Common Pitfalls When Submitting Clinical Trial Study Data

The goal of FDAs Bioresearch Monitoring Branch is to protect the safety, health and rights of human subjects that are participating in a clinical trial study.  This group typically will conduct pre-license and pre-approval data verification inspections, investigate complaints, answer questions about Good Clinical Practice (GCP) and help evaluate concerns about data integrity.  In order to do all these tasks quickly and consistently, the submission of your clinical trial study data needs to be standardized to help the FDA streamline the review process and enable consistent use of analysis tools throughout all trials.

Providing the DIA with high quality and well-structured data will prevent potential delays in data extraction, site selection, and data management process thus helping you drive your product to market faster.

Here are some of the more common pitfalls that we see when submitting study data

  1. Site ID variability or was not included

  2. Dataset submitted did not include standardized data variables

  3. Protocol deviations submitted as pdf listings and not in a searchable format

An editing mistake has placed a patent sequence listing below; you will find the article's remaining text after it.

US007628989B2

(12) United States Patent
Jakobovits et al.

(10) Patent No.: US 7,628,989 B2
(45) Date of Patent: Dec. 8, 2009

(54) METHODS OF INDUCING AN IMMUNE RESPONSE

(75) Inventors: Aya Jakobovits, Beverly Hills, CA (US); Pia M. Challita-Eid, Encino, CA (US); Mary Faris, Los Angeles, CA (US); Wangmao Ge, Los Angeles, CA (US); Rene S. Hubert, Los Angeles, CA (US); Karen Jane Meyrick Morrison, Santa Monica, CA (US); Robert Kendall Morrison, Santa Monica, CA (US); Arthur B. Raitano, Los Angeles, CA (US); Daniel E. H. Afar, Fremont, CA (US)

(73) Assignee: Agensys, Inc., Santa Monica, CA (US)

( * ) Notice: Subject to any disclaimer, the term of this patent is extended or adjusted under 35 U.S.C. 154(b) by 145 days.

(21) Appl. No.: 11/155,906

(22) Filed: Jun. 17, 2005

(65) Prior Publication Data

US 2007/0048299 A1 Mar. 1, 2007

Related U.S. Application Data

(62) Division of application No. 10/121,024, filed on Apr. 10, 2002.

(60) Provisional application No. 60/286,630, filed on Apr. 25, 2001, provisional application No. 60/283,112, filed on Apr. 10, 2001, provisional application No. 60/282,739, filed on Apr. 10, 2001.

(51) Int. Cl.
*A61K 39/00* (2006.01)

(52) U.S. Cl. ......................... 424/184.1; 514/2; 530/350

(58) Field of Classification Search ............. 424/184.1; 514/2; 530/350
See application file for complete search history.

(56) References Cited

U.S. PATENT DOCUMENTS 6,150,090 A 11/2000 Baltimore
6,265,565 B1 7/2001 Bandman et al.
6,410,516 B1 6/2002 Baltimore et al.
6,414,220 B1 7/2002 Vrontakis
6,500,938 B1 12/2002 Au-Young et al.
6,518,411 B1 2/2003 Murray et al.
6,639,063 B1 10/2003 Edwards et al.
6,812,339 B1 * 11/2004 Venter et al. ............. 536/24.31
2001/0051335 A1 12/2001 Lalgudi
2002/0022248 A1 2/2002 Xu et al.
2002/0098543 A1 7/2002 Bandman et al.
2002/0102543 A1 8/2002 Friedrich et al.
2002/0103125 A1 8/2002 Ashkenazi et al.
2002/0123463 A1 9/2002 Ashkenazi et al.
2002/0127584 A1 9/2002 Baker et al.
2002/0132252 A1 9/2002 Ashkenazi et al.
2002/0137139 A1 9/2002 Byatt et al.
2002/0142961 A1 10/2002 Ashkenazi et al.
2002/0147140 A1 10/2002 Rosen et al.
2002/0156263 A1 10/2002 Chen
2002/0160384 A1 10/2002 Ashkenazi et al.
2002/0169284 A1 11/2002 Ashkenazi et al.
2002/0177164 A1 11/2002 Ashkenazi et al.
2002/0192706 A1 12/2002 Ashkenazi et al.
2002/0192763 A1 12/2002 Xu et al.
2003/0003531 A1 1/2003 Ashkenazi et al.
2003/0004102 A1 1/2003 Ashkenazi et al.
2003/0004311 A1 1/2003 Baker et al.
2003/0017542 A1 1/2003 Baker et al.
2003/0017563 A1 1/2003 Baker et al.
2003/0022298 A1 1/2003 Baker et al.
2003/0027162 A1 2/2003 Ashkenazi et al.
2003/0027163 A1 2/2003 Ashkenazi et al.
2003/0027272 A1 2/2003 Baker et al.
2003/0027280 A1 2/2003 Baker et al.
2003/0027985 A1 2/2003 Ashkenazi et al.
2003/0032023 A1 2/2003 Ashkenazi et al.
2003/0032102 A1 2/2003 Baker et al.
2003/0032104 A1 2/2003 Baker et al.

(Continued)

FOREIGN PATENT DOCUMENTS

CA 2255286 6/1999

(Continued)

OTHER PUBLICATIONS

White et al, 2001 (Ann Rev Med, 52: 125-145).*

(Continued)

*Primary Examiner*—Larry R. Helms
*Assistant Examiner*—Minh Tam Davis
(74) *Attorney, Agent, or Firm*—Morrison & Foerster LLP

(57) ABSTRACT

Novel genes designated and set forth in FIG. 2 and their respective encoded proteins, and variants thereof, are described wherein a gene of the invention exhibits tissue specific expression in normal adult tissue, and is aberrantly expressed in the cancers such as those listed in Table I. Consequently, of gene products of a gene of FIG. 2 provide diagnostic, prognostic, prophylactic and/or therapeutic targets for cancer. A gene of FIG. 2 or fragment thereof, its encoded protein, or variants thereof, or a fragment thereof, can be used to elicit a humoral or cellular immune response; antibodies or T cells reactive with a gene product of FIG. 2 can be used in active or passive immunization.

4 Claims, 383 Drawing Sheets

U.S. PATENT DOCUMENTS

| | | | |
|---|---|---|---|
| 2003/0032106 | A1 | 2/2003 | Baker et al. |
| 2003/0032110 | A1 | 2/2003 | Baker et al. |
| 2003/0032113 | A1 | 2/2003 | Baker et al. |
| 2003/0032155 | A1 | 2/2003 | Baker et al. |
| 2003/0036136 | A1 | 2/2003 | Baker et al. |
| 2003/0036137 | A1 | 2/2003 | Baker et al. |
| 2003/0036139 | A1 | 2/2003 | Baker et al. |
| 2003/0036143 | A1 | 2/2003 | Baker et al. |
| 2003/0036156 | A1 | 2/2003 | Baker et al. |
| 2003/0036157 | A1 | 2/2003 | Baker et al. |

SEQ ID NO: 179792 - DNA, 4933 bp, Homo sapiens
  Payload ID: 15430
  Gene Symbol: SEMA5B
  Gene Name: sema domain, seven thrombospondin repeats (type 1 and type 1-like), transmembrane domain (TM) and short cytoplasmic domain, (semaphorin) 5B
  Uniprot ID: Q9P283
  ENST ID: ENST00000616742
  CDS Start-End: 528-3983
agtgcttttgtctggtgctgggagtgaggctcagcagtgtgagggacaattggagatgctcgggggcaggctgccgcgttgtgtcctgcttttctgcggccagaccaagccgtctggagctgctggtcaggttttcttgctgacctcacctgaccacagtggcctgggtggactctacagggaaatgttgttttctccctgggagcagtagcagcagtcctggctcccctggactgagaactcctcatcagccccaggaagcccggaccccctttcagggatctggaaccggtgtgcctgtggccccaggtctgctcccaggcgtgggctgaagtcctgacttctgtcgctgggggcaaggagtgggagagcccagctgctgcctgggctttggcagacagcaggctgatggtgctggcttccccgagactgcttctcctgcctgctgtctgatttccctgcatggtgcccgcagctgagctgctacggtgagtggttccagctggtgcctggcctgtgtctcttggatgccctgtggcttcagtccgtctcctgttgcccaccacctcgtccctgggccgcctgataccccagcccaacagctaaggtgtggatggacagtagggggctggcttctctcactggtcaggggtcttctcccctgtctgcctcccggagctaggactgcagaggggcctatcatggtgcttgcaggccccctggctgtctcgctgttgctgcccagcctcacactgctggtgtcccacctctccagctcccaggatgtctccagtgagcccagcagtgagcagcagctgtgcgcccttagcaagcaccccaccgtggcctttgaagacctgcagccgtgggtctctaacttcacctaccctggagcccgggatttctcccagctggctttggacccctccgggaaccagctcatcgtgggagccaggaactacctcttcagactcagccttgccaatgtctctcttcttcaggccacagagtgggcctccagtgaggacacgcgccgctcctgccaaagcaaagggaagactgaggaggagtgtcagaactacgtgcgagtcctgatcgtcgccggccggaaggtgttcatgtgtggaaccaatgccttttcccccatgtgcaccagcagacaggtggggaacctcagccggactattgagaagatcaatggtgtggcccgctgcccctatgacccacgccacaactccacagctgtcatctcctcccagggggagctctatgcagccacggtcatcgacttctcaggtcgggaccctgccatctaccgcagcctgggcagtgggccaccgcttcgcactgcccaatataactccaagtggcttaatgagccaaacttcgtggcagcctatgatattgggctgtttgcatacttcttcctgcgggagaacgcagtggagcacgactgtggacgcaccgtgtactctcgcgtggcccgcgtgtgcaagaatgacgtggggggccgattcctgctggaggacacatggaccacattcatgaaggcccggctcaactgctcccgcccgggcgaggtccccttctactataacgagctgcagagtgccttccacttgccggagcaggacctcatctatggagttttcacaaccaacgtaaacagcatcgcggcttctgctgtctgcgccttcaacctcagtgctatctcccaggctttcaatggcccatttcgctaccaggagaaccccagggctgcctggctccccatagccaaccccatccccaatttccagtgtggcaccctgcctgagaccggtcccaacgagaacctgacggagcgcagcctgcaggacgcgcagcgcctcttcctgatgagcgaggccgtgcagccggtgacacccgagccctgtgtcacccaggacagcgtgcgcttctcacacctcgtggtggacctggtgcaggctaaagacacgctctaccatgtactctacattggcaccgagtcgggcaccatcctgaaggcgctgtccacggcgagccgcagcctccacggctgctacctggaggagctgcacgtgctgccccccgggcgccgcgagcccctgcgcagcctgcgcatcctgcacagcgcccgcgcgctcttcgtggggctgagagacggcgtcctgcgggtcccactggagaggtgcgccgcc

4. Subjects were not listed using standardized ID variables

  5. Definition files were not user friendly and the definition of dataset variables were not available

  6. Critical endpoint data (rows of data) are missing that were possibly due to inadequate data validation by sponsor

The normal review process can take up to 60 days (Figure 1). If the data is not standardized, it’s very difficult to go through all the data in this length of time.  The best way to ensure you submit good quality data to the FDA is to have advance discussions with your sponsor and the FDA on your study data standardization plan (SDSP).  Topics will include information about e-source data collection and/or data extraction from electronic data capture (EDC) systems and data integration.


Additional References

  • The FDA has numerous references on clinical trial standardization best practices but probably the most concise is the FDA Study Data Standards fact sheet.

  • For more information on the background and helpful tips please listen to the 20-minute webinar of Dr. Bhanu Kanna of the FDA Center for Biologics Evaluation and Research.

Do you have any additional references to share for best practices of clinical trial data standardization? Please comment below.